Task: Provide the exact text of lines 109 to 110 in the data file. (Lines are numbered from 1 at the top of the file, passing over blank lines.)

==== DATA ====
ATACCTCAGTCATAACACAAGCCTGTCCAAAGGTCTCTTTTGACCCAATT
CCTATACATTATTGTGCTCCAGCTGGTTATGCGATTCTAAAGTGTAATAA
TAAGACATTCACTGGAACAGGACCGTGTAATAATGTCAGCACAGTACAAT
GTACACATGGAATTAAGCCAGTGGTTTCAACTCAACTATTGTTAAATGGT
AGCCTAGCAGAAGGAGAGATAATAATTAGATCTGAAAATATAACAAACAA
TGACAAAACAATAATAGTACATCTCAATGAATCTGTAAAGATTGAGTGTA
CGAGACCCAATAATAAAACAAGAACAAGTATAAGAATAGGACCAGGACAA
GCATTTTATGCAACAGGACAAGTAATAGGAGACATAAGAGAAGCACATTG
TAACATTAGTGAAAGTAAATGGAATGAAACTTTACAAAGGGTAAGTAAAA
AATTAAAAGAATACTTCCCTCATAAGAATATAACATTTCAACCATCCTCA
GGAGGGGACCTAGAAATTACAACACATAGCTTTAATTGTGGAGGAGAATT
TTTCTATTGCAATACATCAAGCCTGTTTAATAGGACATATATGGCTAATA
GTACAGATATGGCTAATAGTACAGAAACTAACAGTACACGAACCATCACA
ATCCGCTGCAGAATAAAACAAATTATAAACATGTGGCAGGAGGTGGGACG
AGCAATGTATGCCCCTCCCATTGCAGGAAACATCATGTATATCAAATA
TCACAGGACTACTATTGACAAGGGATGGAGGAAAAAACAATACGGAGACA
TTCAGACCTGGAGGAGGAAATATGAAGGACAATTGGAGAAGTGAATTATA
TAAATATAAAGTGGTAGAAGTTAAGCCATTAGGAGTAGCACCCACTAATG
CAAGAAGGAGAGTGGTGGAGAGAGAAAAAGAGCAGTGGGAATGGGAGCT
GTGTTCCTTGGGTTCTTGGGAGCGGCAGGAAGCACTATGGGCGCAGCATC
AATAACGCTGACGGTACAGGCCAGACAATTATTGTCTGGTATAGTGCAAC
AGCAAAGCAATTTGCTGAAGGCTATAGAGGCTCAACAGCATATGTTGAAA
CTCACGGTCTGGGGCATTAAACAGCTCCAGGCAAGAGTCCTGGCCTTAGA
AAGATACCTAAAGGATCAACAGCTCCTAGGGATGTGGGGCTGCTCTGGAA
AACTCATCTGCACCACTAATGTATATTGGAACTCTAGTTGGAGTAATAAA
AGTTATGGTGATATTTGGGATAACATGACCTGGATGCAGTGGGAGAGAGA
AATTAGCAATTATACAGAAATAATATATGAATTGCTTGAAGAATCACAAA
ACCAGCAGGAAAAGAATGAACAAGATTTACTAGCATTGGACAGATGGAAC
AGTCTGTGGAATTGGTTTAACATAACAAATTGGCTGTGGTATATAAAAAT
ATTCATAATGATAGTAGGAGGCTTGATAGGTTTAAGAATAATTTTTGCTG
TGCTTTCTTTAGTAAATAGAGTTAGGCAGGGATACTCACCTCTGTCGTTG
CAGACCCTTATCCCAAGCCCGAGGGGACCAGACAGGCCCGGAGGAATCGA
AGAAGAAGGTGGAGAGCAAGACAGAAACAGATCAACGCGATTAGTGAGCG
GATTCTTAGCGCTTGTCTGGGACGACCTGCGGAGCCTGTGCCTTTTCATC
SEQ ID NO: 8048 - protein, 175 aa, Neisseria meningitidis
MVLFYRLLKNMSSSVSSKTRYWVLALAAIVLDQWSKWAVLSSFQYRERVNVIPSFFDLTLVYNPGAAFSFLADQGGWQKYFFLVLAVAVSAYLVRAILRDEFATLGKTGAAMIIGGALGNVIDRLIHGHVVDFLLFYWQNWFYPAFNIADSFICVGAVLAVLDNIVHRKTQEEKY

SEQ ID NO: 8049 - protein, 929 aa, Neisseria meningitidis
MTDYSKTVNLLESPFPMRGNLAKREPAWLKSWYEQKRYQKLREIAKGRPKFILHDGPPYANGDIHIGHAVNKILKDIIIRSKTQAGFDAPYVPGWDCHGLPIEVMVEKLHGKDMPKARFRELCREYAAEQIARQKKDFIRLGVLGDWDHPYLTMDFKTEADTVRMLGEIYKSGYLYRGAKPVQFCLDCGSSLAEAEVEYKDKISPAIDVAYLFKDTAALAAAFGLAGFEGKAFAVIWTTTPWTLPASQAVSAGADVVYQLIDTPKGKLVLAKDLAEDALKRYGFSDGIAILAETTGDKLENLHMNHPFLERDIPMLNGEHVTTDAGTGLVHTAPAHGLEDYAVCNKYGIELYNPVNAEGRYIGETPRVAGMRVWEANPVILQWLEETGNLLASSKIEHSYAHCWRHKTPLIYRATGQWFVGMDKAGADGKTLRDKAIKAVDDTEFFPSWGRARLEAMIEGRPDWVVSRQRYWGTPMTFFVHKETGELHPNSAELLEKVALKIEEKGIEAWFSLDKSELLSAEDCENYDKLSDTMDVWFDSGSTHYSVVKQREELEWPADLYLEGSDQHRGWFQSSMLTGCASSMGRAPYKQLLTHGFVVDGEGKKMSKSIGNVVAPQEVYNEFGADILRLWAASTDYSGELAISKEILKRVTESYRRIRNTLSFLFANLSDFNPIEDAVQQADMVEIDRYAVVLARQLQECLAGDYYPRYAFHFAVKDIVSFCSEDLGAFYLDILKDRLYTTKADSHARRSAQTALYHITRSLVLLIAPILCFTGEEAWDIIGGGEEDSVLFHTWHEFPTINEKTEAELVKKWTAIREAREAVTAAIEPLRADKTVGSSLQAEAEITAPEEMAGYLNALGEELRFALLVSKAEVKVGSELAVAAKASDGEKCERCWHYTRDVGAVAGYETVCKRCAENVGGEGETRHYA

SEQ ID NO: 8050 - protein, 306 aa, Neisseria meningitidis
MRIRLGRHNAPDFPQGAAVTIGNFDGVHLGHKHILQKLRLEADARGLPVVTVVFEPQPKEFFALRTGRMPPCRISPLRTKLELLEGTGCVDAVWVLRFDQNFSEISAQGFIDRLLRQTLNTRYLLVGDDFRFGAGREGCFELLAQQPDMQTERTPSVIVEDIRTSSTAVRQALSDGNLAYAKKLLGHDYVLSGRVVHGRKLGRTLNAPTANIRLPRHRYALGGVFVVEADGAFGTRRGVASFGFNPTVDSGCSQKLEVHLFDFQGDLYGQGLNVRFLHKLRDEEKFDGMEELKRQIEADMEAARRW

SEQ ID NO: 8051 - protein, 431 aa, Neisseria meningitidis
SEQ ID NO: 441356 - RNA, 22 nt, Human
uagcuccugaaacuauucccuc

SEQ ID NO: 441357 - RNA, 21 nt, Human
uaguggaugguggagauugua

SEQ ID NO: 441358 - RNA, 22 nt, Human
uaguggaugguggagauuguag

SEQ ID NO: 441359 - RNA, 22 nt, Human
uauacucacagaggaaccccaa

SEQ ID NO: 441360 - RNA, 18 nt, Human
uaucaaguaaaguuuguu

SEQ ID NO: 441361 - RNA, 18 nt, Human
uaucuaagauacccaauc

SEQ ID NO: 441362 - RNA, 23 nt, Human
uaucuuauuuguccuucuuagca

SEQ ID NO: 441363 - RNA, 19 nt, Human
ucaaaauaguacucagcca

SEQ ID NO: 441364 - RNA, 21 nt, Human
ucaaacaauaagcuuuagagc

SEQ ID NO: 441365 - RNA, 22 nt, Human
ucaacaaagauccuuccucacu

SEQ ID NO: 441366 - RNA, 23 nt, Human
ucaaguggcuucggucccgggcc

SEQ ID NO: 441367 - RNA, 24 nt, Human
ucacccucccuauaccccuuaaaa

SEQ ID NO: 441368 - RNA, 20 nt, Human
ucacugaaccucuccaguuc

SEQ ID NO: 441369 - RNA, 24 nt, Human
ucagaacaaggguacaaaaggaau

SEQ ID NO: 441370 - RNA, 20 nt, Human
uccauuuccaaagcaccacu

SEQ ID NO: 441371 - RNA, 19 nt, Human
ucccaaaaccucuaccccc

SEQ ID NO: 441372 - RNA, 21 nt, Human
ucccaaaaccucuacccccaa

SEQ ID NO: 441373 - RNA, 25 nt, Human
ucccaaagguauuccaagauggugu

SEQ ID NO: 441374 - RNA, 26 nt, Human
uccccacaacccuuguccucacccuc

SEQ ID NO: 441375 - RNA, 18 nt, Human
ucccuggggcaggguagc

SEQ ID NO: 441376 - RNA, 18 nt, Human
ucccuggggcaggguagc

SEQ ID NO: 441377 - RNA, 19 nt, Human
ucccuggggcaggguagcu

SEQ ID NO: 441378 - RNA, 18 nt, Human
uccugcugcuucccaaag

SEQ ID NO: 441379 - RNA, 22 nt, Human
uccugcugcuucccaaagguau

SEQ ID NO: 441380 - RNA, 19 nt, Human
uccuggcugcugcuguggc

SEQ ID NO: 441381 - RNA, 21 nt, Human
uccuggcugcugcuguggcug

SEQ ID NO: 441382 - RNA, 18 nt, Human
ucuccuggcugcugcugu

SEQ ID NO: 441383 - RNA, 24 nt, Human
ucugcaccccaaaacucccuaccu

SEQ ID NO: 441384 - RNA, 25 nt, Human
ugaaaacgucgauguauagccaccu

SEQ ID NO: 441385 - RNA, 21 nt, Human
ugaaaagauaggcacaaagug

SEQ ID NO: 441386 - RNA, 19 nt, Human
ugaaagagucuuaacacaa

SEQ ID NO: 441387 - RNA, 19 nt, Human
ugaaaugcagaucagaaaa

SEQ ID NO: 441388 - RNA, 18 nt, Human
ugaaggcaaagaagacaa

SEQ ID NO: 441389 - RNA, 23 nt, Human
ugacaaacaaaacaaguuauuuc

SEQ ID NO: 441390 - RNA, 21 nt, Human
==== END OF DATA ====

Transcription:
ugacaaacaaaacaaguuauuuc

SEQ ID NO: 441390 - RNA, 21 nt, Human